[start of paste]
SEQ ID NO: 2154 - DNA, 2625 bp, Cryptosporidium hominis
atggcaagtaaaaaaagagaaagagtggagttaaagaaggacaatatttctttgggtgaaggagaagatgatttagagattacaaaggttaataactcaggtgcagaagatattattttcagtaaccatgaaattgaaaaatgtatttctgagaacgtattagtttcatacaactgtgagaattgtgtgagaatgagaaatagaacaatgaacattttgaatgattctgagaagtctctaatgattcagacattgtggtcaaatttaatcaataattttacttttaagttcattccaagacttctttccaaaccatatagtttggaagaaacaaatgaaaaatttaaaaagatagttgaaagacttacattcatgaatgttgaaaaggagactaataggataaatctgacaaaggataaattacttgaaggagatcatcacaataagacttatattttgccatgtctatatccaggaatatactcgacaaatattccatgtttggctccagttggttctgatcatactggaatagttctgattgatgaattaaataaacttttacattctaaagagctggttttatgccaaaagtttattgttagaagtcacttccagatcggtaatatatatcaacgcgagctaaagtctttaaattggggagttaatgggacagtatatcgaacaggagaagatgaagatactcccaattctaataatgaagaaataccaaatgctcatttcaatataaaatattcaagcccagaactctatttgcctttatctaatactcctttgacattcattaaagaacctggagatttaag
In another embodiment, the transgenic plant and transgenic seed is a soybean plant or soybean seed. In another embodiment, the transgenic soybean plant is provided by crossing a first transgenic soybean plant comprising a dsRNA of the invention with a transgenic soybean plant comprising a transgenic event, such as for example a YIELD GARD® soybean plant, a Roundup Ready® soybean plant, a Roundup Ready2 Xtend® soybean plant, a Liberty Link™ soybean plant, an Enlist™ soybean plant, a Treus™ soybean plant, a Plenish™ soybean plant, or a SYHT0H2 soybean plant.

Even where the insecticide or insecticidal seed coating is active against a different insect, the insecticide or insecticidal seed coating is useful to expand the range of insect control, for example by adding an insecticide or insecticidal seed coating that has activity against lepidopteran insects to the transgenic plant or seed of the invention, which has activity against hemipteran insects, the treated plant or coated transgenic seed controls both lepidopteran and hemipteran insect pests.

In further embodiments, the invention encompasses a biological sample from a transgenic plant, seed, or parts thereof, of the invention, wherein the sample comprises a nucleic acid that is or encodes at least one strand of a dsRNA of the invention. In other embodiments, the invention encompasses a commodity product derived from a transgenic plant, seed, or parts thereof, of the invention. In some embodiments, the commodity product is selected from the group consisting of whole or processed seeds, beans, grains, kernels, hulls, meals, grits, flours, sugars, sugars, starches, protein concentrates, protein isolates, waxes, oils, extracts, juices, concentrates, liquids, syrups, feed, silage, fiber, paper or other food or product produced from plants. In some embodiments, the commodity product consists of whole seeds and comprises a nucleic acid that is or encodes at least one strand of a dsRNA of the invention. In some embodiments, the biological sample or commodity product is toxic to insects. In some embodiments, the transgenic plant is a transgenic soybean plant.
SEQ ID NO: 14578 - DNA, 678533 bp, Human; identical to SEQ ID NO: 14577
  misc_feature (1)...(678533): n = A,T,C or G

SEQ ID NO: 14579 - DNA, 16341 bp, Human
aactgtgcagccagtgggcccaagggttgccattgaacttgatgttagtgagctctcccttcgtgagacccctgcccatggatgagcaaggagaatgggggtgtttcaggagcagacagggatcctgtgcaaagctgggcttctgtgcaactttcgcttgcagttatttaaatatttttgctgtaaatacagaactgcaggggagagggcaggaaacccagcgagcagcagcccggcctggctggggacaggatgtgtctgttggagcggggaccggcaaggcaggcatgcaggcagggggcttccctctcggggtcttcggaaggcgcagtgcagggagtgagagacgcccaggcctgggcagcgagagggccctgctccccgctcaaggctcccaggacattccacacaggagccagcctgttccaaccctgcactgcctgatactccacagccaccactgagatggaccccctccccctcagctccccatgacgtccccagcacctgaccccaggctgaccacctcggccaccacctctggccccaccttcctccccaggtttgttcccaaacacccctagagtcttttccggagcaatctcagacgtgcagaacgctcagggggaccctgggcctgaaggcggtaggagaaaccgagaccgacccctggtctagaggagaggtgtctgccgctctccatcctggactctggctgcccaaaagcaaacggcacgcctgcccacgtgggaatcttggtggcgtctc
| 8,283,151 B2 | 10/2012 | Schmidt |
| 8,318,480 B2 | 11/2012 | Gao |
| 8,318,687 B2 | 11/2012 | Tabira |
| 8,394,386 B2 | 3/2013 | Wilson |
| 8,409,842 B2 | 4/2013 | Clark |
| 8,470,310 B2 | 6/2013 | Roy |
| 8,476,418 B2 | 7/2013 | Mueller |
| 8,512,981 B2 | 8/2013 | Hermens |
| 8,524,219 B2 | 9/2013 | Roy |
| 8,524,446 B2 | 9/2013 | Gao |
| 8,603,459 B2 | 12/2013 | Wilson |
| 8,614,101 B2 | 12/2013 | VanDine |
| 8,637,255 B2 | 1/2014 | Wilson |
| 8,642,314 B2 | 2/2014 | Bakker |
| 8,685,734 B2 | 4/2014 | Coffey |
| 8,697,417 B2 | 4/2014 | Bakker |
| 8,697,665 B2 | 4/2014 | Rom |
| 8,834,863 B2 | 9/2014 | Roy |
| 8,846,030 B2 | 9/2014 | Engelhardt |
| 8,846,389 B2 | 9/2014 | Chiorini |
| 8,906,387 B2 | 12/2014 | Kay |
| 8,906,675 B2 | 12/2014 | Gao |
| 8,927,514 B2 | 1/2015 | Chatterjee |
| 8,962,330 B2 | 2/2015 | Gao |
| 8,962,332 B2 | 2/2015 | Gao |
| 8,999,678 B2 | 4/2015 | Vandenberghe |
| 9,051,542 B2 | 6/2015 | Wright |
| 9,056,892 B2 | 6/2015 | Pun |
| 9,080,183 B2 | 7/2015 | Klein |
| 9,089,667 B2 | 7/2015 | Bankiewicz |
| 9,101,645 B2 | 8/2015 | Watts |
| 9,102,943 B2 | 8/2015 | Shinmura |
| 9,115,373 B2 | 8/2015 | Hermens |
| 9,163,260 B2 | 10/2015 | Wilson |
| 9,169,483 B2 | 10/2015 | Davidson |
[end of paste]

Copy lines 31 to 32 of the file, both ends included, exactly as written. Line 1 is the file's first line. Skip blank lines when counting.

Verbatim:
| 8,906,675 B2 | 12/2014 | Gao |
| 8,927,514 B2 | 1/2015 | Chatterjee |